The most notorious battle with the scales was conducted by Fred Archer, the outstanding jockey of the 19th century. In his 29th year the scales won when a chronically depressed jockey took his own life.
There are several similarities between Archer and a man born nearly 90 years after his passing, Richard Hughes, the young Irishman who captivated Royal Ascot last week with two well-timed victories. The 22-year-old may care to associate himself with Archer's skills rather than his end.
There is no point hiding from the fact, however, that like the man from yesteryear, Hughes's career will be built on self-denial. Like Archer, he eats just one meal, in the evening, a day (Archer's celebrations used to stretch to a glass of champagne and water biscuit during a game of billiards before he retired to his couch).
Last week, Hughes moved into a new home, complete with its own sauna, in the Berkshire village of Great Shefford, replicating the idea of Archer, who had his own Turkish bath. He has yet, publicly at least, to find anything to match the old timer's slimming concoction, the name of which did not yield much guide to the potion's components. It was known as Archer's Mixture.
Hughes can enjoy the fact that at 5ft 9in he has an inch less to fill than his Victorian counterpart. Nevertheless, he does not take many chances. "I try not to eat anything at all during the day," he said this week. "I might pick away at a biscuit with a cup of tea. And then at night it's a light meal. Maybe a bit of fish or chicken."
Hughes accepts this regime because he has always wanted to be a jockey. He was born into it as a son of the National Hunt rider Dessie Hughes, whose finest hour came on board Monksfield in the 1979 Champion Hurdle. "I remember going up to my Auntie Peggy's at Dublin when that Cheltenham was on," he said. "I rode out the finish myself. On my Uncle Hubert."
Following the traditional conduit of pony racing, Hughes graduated to major league in his native land, but soon found he was restricted by a combination of weight and a relatively sparse racing calendar. A move to Britain, and its bulging fixture list, became inevitable.
The switch from Kildare came last July, since when Hughes has ridden 51 winners, most of them for Mick Channon, to whom he is retained rider. Channon, with the simplistic vernacular of the dressing room, knows his man as "Hughesie".
However, when he arrived at Windsor racecourse on Monday evening it was to a weighing room that knows him by a different name. Thanks to Willie Carson and his height, Hughes is called "the window cleaner".
Like the bulk of his colleagues, Hughes saves his timing for the racecourse proper. Initial attempts to keep a pre-arranged meeting were met with the information that he was inhabiting an area he uses less frequently that just about anyone alive. He was on the toilet. Ninety minutes later (not all of it spent in the little boys' room) he presented himself for interview.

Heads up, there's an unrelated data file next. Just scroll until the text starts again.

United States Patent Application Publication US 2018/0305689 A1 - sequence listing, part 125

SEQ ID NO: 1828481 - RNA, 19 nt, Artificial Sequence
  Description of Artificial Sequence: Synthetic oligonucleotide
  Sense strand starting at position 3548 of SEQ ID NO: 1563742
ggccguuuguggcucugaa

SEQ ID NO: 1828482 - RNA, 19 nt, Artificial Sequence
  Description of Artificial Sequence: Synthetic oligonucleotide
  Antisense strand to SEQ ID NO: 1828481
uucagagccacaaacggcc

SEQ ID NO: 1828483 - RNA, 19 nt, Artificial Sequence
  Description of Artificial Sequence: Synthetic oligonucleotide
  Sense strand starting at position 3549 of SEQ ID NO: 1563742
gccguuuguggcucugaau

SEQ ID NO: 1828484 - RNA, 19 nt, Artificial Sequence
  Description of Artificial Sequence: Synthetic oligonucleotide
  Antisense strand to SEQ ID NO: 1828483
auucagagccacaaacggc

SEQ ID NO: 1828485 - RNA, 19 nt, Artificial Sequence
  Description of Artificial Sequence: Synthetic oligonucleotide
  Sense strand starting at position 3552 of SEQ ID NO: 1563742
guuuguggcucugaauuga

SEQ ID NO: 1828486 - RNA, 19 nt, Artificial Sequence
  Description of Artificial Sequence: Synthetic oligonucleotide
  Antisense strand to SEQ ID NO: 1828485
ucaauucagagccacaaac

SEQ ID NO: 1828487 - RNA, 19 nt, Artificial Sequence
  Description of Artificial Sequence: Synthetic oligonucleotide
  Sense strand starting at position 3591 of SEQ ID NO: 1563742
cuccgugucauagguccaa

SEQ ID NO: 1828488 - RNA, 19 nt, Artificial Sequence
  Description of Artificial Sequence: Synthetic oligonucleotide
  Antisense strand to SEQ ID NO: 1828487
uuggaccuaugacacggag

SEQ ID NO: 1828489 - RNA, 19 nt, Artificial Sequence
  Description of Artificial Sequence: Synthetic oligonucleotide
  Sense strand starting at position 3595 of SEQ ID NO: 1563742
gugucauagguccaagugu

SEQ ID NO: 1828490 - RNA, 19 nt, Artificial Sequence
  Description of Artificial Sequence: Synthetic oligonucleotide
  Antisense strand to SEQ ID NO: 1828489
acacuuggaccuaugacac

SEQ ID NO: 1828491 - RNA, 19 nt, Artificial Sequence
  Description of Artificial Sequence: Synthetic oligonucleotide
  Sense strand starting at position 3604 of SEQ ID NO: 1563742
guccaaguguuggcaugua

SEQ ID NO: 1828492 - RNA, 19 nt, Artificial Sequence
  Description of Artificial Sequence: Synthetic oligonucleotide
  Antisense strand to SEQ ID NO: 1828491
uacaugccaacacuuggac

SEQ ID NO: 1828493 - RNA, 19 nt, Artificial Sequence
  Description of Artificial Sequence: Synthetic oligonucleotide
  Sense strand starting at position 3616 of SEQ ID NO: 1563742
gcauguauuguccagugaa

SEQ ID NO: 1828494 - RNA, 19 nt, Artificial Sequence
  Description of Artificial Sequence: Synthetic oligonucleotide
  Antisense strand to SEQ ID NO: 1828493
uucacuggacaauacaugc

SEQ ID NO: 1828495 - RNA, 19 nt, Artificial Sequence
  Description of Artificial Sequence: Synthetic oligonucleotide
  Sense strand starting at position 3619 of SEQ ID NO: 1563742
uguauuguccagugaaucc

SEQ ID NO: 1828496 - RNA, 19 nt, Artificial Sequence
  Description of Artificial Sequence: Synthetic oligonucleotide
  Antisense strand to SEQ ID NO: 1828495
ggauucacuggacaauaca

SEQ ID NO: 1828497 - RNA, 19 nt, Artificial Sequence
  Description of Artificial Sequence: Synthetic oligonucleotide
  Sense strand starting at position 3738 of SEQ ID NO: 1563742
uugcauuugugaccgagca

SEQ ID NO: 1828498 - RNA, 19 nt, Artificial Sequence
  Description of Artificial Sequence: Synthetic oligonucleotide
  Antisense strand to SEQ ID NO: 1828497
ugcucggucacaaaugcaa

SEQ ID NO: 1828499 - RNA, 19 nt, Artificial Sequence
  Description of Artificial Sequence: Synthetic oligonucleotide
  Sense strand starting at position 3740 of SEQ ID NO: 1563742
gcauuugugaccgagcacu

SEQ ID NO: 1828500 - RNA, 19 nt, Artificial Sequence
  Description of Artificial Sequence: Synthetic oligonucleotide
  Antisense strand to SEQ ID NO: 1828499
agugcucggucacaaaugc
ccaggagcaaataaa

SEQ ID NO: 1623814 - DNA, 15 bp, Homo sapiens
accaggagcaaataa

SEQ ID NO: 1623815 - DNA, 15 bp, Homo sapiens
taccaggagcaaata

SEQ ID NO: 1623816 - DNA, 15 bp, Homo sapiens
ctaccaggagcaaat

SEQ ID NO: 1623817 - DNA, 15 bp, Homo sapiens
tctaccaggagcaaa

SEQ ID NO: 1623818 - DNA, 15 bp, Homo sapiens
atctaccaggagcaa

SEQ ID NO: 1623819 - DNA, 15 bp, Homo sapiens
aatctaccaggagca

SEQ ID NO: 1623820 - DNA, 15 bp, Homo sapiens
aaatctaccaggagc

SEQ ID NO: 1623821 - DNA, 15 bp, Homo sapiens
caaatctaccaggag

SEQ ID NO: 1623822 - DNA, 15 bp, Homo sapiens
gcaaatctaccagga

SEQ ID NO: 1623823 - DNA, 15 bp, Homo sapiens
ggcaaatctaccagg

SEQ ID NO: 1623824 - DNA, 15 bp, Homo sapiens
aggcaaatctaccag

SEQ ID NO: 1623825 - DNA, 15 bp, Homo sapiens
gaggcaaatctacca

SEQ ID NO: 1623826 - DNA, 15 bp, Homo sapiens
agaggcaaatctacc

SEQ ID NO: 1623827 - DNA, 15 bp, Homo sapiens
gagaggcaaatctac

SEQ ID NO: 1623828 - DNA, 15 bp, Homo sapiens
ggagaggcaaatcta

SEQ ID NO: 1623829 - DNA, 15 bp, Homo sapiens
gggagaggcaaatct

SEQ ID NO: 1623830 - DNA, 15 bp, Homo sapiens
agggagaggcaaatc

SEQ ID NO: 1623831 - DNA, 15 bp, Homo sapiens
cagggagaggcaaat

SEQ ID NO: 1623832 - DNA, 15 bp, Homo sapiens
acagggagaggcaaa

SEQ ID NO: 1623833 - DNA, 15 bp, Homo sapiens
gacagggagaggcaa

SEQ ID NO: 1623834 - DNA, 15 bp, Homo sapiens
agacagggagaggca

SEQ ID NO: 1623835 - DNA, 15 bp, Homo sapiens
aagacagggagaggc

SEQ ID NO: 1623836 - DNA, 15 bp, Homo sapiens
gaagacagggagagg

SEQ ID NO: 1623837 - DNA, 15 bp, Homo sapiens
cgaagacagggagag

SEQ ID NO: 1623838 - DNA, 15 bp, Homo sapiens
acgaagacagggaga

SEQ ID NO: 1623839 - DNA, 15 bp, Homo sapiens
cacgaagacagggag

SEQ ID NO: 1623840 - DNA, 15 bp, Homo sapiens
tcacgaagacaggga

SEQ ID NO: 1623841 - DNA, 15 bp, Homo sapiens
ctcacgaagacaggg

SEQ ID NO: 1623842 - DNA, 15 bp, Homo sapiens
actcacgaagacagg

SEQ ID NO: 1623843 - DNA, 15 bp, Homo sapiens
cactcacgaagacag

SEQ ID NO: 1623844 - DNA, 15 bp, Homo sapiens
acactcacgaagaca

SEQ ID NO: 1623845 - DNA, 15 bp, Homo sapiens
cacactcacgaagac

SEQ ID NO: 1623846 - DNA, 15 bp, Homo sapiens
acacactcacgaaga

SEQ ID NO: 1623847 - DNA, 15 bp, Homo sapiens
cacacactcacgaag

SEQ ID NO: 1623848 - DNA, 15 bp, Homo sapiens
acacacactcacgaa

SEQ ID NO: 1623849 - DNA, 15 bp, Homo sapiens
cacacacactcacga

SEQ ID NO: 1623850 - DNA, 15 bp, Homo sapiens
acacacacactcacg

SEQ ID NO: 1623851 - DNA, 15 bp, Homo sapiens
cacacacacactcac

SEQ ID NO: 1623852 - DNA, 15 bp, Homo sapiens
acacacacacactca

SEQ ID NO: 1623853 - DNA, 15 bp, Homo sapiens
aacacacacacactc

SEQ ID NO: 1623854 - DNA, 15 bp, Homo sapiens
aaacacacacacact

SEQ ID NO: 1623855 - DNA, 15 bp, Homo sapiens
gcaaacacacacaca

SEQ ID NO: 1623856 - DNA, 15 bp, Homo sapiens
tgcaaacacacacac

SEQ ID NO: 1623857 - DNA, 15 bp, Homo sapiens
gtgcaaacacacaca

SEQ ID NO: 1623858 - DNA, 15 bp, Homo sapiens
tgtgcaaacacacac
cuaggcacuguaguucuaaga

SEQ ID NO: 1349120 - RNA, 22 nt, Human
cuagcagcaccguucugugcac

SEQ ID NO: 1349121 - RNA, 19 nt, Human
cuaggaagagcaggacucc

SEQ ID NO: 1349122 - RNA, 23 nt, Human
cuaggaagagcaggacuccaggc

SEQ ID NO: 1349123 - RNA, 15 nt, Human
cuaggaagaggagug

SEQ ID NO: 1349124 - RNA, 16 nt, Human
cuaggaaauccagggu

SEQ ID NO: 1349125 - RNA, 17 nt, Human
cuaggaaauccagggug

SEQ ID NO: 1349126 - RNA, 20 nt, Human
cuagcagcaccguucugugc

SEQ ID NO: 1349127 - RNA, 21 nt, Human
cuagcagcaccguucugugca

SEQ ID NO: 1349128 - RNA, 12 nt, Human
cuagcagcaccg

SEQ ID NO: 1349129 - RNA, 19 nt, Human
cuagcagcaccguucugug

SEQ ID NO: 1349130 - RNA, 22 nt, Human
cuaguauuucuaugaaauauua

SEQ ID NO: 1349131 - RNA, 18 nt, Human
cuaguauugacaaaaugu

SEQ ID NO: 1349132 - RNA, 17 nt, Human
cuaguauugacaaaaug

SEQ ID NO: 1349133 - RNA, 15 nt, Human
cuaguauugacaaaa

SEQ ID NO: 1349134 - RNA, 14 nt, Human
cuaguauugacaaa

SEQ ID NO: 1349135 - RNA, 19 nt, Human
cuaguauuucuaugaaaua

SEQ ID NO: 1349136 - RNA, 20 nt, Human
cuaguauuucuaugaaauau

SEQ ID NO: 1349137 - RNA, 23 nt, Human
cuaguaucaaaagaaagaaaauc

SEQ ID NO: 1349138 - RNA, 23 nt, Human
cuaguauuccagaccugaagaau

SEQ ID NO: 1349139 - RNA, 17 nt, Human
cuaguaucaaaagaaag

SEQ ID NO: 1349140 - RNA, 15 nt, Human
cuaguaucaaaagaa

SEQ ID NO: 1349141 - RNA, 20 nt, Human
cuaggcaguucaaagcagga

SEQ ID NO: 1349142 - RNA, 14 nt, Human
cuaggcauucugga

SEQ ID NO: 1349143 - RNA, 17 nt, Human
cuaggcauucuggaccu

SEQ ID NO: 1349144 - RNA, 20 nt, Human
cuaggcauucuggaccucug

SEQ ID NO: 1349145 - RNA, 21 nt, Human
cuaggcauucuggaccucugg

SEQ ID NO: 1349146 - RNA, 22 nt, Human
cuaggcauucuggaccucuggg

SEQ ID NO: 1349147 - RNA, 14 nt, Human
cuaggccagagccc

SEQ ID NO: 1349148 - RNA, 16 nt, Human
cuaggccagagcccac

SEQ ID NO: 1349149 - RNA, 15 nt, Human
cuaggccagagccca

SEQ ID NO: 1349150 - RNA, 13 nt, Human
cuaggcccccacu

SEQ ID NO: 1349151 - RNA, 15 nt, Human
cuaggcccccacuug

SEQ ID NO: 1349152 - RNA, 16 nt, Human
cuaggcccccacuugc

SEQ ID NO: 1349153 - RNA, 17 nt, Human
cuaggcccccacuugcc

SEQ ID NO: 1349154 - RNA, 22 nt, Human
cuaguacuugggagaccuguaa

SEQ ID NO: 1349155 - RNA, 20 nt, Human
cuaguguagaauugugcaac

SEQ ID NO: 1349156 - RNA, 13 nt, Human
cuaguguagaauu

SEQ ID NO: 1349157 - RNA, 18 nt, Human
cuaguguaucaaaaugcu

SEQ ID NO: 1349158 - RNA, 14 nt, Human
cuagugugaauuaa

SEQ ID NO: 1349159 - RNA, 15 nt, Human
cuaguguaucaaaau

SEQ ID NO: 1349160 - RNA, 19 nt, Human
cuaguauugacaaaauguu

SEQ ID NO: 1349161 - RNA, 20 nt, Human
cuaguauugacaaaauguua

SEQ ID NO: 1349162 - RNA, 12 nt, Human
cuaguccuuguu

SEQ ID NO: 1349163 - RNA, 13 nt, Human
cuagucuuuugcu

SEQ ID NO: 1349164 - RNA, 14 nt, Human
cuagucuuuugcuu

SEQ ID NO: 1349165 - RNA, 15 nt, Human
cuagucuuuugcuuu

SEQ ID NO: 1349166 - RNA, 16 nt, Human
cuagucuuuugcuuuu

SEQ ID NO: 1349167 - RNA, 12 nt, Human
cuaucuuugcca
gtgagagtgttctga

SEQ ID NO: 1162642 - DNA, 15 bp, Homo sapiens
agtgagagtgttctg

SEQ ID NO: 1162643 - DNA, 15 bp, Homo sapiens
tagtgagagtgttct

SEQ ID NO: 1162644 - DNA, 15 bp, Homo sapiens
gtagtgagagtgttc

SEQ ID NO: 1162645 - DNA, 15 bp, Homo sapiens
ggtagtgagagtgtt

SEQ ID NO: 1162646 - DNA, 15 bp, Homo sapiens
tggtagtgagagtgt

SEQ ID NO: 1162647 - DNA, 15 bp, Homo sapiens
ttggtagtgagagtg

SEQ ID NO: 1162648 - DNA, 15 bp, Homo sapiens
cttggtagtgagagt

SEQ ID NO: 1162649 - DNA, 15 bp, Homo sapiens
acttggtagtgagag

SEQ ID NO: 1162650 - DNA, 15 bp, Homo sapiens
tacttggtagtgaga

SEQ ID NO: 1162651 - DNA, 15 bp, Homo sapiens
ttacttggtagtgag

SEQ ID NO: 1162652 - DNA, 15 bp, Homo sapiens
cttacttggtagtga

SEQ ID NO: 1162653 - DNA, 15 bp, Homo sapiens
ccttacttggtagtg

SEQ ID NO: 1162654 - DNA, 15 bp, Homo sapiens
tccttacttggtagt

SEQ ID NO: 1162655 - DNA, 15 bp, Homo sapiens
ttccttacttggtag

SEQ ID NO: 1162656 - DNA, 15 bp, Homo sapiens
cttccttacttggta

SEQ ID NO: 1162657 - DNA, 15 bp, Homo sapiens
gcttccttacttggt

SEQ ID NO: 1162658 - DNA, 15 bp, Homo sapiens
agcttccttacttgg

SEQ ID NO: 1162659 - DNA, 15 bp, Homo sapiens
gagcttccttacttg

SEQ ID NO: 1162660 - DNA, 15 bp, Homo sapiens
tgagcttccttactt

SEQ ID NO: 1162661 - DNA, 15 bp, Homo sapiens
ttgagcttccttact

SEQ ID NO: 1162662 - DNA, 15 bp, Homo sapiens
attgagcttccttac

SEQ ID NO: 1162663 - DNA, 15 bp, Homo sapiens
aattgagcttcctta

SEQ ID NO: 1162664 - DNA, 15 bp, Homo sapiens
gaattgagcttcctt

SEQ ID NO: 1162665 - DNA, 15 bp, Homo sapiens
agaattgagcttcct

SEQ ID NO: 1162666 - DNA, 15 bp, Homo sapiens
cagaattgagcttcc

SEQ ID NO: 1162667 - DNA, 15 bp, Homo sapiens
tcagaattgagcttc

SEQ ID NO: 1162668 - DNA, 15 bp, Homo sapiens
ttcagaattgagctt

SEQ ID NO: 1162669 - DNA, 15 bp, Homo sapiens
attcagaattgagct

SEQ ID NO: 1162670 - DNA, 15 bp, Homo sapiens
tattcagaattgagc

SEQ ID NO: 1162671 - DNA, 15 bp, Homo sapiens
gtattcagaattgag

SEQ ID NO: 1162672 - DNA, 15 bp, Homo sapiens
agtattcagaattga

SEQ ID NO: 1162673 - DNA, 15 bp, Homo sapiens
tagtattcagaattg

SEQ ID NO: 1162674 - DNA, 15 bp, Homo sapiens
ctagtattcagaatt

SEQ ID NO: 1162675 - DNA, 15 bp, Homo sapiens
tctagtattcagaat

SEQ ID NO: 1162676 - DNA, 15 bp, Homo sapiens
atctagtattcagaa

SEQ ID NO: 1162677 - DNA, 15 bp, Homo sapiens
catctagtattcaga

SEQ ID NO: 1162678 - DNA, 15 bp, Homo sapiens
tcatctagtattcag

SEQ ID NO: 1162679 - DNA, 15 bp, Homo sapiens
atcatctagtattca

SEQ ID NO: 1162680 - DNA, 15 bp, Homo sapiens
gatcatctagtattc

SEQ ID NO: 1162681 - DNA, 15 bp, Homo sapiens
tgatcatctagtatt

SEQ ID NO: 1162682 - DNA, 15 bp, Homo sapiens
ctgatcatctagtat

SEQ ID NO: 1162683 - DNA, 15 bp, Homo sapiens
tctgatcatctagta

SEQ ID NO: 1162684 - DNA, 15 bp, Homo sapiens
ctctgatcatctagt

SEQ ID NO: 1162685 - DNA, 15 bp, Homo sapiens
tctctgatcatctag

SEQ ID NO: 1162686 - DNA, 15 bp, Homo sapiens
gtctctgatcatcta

The immediate feature that strikes about Richard Hughes is his shape, or absence of it. It is not too melodramatic to suggest his body is reminiscent of the dreadful souls found behind barbed wire in POW camps. And he has done this to himself.
Hughes makes light of the incarceration he has created daily for himself in a sauna. "I go in for an hour and a half in three 30-minute spells with a bucket of ice to stick my head in," he said. "It's boring, but it's not painful and plenty others like Pat [Eddery] and Frankie [Dettori] have to waste as well.
"There are people who drive for an hour and a half into London for work every day and I wouldn't do that for all the money in the world."
Inevitably, though, there are those who believe Hughes will end up in the jumping sphere, in which he has already recorded more than 50 rides, including a mount at this year's Cheltenham Festival.
At Leopardstown this winter, Hughes measured himself on the scales with National Hunt men Charlie Swan and Norman Williamson and found the arrow went further when his bottom was on the chair. "The three of us jumped on and I was 4lb heavier than either of them," he said. "And I was meant to be the Flat jockey."
The jumping game will have to wait some time, though, if it is to welcome Hughes fully into its brotherhood. The young man with the blue eyes and pasty complexion has already prompted much respect in the other code with a riding style that reminds much of another tall jockey, Cash Asmussen.
When the bubbles come out of his head, Richard Hughes dreams of enhancing this reputation. And he also dreams of a steaming feast. "Saturday night is the big meal of the week, the one when I pig out," he said. "I eat as much as anyone else. But then, on Sunday afternoon and Monday, I pay for it."Reuse content